Exactly Precisely the Same

I'm listening to Krista Tippett interview Rabbi Jonathan Sacks, and he's reinforcing an idea that Sarah Kay, the spoken word poet, also shared with Krista:  

The only way for us to communicate universal truth is by sharing our individual experience.

 

The elemental, the universal, the true - it emerges from the particular.

 

We don't respond to the poet that speaks of love as a general or universal principle, we respond to the poet that most poignantly shares her individualized experience of love, her personal story.

 

When faced with the sensation that we our hopelessly distinct from others, it's easy to reach for our similarities, to search for common experiences that knit us together, to try and find universal truths. Sarah Kay and Rabbi Sacks say that we must do the opposite: we must find our differences in order to discover or similarities.

 

This concept is illuminating a conversation I had with one of my closest friend last night. We were discussing racial identities in America and exploring ways that we might overcome the violence and fear and hate that our country has endured. My friend suggested that we might just give up on racial distinctions. She pointed out that there is no one "Mexican-American" experience (they're all unique), and questioned whether this label was even useful. Why not just identify as Americans, full stop?

 

She's got me thinking about how I approach racial divides in our country.

 

I'm noticing that I dwell on our differences and how those differences separate us.

 

I, for instance, don't feel like I understand the African American experience. I was raised in a small, rural, predominately white community. I've lived there most of my life. I live still live there today. I worry that when I move to a large American city, it's going to be difficult for me to connect with my neighbours - what, after all, could I possible understand about growing up African American in a large American city? It feels so utterly different from my own experience and it feels like these differences would separate us, make it difficult for us to communicate.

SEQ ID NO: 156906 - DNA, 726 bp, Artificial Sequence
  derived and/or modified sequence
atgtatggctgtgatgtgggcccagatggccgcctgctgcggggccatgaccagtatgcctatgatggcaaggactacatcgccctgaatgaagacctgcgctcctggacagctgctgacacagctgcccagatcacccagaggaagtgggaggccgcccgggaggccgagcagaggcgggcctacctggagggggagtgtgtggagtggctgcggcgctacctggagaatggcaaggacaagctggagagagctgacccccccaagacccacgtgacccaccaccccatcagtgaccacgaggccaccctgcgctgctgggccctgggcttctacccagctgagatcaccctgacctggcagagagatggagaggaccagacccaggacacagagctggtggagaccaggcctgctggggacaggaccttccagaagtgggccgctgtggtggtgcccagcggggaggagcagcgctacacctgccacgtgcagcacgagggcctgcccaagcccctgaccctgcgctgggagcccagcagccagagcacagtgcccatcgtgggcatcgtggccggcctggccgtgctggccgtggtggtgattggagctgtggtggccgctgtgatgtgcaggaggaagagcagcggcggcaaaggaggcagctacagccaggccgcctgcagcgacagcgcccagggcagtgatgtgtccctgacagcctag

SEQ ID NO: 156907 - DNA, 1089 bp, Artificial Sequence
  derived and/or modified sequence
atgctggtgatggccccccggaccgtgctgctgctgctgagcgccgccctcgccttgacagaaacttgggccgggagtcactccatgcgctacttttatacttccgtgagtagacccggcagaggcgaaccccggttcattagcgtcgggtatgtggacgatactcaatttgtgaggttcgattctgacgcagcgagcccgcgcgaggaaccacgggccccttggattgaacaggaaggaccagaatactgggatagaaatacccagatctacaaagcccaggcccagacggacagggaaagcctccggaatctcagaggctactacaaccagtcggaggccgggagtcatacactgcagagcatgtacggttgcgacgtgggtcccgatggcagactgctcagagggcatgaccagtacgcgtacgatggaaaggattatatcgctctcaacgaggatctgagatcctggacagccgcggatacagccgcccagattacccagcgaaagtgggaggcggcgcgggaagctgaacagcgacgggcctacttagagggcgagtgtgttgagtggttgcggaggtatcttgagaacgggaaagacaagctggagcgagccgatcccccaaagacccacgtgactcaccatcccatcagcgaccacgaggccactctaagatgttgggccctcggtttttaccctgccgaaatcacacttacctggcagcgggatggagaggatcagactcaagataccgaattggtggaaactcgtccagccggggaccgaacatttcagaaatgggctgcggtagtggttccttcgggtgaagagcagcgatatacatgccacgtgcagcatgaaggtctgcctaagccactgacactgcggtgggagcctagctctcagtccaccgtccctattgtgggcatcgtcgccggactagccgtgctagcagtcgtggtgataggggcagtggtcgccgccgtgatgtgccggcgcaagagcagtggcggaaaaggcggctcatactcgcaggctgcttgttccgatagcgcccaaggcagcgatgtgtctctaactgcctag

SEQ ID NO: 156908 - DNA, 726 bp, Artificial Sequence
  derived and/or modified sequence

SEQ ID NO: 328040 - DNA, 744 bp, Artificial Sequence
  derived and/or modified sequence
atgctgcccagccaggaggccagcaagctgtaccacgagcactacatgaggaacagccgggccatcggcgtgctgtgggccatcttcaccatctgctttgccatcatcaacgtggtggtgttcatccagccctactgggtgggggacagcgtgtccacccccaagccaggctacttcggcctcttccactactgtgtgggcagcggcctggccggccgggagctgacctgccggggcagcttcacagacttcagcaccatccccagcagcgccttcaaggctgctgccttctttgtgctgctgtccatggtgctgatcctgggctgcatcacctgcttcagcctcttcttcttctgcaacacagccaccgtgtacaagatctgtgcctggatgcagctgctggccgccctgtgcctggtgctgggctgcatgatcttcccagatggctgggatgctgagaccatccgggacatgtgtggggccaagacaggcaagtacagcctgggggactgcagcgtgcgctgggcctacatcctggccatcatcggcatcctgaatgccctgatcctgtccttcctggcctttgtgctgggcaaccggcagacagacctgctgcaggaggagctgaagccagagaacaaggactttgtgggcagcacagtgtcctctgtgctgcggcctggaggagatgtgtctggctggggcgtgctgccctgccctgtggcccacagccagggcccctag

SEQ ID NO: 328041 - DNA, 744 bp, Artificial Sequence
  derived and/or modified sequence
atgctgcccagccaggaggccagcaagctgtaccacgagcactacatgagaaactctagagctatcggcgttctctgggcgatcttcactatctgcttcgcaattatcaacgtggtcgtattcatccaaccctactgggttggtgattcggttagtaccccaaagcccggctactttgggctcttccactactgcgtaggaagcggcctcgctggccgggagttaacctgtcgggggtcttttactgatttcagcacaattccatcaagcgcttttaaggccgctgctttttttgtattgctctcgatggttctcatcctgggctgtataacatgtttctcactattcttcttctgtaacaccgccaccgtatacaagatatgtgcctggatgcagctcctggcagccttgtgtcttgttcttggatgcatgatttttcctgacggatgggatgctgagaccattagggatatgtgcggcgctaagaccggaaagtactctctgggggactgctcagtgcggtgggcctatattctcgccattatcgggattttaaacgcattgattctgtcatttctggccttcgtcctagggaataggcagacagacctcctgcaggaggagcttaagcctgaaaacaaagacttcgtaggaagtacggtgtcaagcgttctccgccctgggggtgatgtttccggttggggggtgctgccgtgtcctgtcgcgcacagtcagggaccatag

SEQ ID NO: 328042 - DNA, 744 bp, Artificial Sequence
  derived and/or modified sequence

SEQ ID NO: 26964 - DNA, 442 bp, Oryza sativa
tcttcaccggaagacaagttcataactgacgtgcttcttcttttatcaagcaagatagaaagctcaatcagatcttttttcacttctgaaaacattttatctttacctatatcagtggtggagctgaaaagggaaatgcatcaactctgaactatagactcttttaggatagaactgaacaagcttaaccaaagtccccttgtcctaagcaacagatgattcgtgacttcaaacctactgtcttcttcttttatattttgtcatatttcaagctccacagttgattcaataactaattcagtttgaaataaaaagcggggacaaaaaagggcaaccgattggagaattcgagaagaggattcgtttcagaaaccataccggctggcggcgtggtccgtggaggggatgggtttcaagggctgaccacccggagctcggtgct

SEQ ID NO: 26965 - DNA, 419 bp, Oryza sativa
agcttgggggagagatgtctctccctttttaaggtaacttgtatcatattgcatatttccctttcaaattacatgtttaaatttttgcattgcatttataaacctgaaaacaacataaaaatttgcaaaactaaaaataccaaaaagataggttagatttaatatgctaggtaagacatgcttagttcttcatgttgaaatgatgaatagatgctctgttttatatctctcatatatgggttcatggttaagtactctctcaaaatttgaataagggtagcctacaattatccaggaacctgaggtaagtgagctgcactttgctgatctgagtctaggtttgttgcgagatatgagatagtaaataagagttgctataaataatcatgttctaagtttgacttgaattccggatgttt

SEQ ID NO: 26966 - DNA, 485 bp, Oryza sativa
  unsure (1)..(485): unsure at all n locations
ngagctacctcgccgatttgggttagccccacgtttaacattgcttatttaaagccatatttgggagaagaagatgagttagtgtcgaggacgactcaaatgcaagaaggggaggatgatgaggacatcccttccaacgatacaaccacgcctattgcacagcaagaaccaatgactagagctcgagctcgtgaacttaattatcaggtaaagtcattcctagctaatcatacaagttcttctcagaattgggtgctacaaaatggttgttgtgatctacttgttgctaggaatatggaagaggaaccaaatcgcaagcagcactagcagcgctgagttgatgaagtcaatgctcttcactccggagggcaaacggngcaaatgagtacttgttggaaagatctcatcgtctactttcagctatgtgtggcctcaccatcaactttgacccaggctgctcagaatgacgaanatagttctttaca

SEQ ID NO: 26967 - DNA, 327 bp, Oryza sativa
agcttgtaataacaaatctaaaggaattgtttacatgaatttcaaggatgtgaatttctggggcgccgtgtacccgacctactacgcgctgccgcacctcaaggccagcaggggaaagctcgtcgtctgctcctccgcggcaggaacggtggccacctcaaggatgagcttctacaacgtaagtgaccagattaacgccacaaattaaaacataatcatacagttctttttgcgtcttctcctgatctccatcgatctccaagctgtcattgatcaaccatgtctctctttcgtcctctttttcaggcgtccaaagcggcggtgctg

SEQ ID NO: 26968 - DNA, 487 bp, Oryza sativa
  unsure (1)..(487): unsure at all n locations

So how to bridge these difference? My impulse is to search for common experiences, to look for things about us that are the same.

 

Rabbi Sacks suggests the opposite. He says that we must come together as distinct human beings, that we must dwell in our differences, in our particularity, in our uniqueness. We must focus on the differences and it is paradoxically this very process that will reveal our unity. Sharing our distinct experiences as Americans, dwelling in the particulars, exploring the distinctions - this is how we will find our common ground.

 

Our sharing must not be abstract, it must be concrete and particular.

 

It's only when we commit to this sharing of the particular that we will find the commonalities. Out of sharing our differences, we will discover that we all have families and friends that we love, that we all strive to find joyful, productive work to do in the world.

 

Because of course, I am nearly genetically identical to every African American living in every city in America. And of course, we live in the same country, have the same President. We speak the same language. We all experienced the national trauma of 9/11 together. We all laugh; we all love to eat sugary treats.

 

Of course, our experiences are similar, sometimes nearly identical. And also, they are very very different.

 

We are always both distinct and general, specific and universal. We are unique in the universe, we have never happened before. And also, we're exactly precisely the same as every other person that's ever walked the earth.